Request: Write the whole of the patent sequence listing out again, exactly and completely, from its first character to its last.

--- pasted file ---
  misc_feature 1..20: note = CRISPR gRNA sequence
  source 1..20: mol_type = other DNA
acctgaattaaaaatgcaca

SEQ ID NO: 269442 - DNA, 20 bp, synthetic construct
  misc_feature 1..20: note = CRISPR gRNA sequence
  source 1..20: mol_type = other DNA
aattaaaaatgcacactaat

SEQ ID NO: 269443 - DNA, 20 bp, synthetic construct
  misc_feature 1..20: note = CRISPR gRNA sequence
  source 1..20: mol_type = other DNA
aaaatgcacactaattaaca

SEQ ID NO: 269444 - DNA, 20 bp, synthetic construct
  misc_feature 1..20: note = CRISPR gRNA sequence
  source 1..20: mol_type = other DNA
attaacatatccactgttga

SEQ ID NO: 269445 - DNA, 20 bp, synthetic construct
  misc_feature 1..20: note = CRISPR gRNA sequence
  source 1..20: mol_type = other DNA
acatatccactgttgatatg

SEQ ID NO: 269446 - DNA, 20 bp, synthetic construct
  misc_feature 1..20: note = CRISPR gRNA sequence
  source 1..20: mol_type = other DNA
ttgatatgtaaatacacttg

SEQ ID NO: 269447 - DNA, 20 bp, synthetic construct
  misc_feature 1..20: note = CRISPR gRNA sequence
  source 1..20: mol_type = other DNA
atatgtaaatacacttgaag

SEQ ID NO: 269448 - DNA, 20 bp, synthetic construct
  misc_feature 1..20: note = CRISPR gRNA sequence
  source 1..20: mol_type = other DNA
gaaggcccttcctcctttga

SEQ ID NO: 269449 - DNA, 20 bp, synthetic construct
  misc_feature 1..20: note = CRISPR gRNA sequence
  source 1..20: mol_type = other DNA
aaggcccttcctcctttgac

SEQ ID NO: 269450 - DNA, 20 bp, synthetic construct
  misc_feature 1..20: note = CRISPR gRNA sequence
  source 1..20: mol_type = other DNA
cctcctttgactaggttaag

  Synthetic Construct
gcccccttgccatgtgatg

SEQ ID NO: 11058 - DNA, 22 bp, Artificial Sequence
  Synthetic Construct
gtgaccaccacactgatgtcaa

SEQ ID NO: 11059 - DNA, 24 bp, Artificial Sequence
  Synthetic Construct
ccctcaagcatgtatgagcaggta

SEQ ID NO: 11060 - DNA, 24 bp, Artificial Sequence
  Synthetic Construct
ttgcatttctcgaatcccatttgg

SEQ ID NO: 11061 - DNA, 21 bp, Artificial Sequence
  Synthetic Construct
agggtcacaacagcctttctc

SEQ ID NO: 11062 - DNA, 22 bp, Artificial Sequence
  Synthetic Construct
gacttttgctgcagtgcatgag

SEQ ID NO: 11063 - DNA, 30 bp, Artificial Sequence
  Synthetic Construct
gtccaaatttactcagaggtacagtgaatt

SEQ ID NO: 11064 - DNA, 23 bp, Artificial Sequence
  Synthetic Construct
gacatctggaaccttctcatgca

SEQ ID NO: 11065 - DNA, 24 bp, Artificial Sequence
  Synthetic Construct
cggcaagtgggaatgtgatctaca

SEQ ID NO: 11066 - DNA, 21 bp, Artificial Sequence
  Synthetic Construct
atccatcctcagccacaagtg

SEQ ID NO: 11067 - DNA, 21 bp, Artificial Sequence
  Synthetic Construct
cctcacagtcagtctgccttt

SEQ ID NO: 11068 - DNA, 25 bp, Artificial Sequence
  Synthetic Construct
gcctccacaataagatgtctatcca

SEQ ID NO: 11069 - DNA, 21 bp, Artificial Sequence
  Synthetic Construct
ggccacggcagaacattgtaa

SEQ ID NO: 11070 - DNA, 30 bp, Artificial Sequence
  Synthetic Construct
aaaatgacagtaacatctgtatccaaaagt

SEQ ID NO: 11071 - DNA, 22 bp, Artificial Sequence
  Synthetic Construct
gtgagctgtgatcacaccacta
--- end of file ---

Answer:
  misc_feature 1..20: note = CRISPR gRNA sequence
  source 1..20: mol_type = other DNA
acctgaattaaaaatgcaca

SEQ ID NO: 269442 - DNA, 20 bp, synthetic construct
  misc_feature 1..20: note = CRISPR gRNA sequence
  source 1..20: mol_type = other DNA
aattaaaaatgcacactaat

SEQ ID NO: 269443 - DNA, 20 bp, synthetic construct
  misc_feature 1..20: note = CRISPR gRNA sequence
  source 1..20: mol_type = other DNA
aaaatgcacactaattaaca

SEQ ID NO: 269444 - DNA, 20 bp, synthetic construct
  misc_feature 1..20: note = CRISPR gRNA sequence
  source 1..20: mol_type = other DNA
attaacatatccactgttga

SEQ ID NO: 269445 - DNA, 20 bp, synthetic construct
  misc_feature 1..20: note = CRISPR gRNA sequence
  source 1..20: mol_type = other DNA
acatatccactgttgatatg

SEQ ID NO: 269446 - DNA, 20 bp, synthetic construct
  misc_feature 1..20: note = CRISPR gRNA sequence
  source 1..20: mol_type = other DNA
ttgatatgtaaatacacttg

SEQ ID NO: 269447 - DNA, 20 bp, synthetic construct
  misc_feature 1..20: note = CRISPR gRNA sequence
  source 1..20: mol_type = other DNA
atatgtaaatacacttgaag

SEQ ID NO: 269448 - DNA, 20 bp, synthetic construct
  misc_feature 1..20: note = CRISPR gRNA sequence
  source 1..20: mol_type = other DNA
gaaggcccttcctcctttga

SEQ ID NO: 269449 - DNA, 20 bp, synthetic construct
  misc_feature 1..20: note = CRISPR gRNA sequence
  source 1..20: mol_type = other DNA
aaggcccttcctcctttgac

SEQ ID NO: 269450 - DNA, 20 bp, synthetic construct
  misc_feature 1..20: note = CRISPR gRNA sequence
  source 1..20: mol_type = other DNA
cctcctttgactaggttaag

  Synthetic Construct
gcccccttgccatgtgatg

SEQ ID NO: 11058 - DNA, 22 bp, Artificial Sequence
  Synthetic Construct
gtgaccaccacactgatgtcaa

SEQ ID NO: 11059 - DNA, 24 bp, Artificial Sequence
  Synthetic Construct
ccctcaagcatgtatgagcaggta

SEQ ID NO: 11060 - DNA, 24 bp, Artificial Sequence
  Synthetic Construct
ttgcatttctcgaatcccatttgg

SEQ ID NO: 11061 - DNA, 21 bp, Artificial Sequence
  Synthetic Construct
agggtcacaacagcctttctc

SEQ ID NO: 11062 - DNA, 22 bp, Artificial Sequence
  Synthetic Construct
gacttttgctgcagtgcatgag

SEQ ID NO: 11063 - DNA, 30 bp, Artificial Sequence
  Synthetic Construct
gtccaaatttactcagaggtacagtgaatt

SEQ ID NO: 11064 - DNA, 23 bp, Artificial Sequence
  Synthetic Construct
gacatctggaaccttctcatgca

SEQ ID NO: 11065 - DNA, 24 bp, Artificial Sequence
  Synthetic Construct
cggcaagtgggaatgtgatctaca

SEQ ID NO: 11066 - DNA, 21 bp, Artificial Sequence
  Synthetic Construct
atccatcctcagccacaagtg

SEQ ID NO: 11067 - DNA, 21 bp, Artificial Sequence
  Synthetic Construct
cctcacagtcagtctgccttt

SEQ ID NO: 11068 - DNA, 25 bp, Artificial Sequence
  Synthetic Construct
gcctccacaataagatgtctatcca

SEQ ID NO: 11069 - DNA, 21 bp, Artificial Sequence
  Synthetic Construct
ggccacggcagaacattgtaa

SEQ ID NO: 11070 - DNA, 30 bp, Artificial Sequence
  Synthetic Construct
aaaatgacagtaacatctgtatccaaaagt

SEQ ID NO: 11071 - DNA, 22 bp, Artificial Sequence
  Synthetic Construct
gtgagctgtgatcacaccacta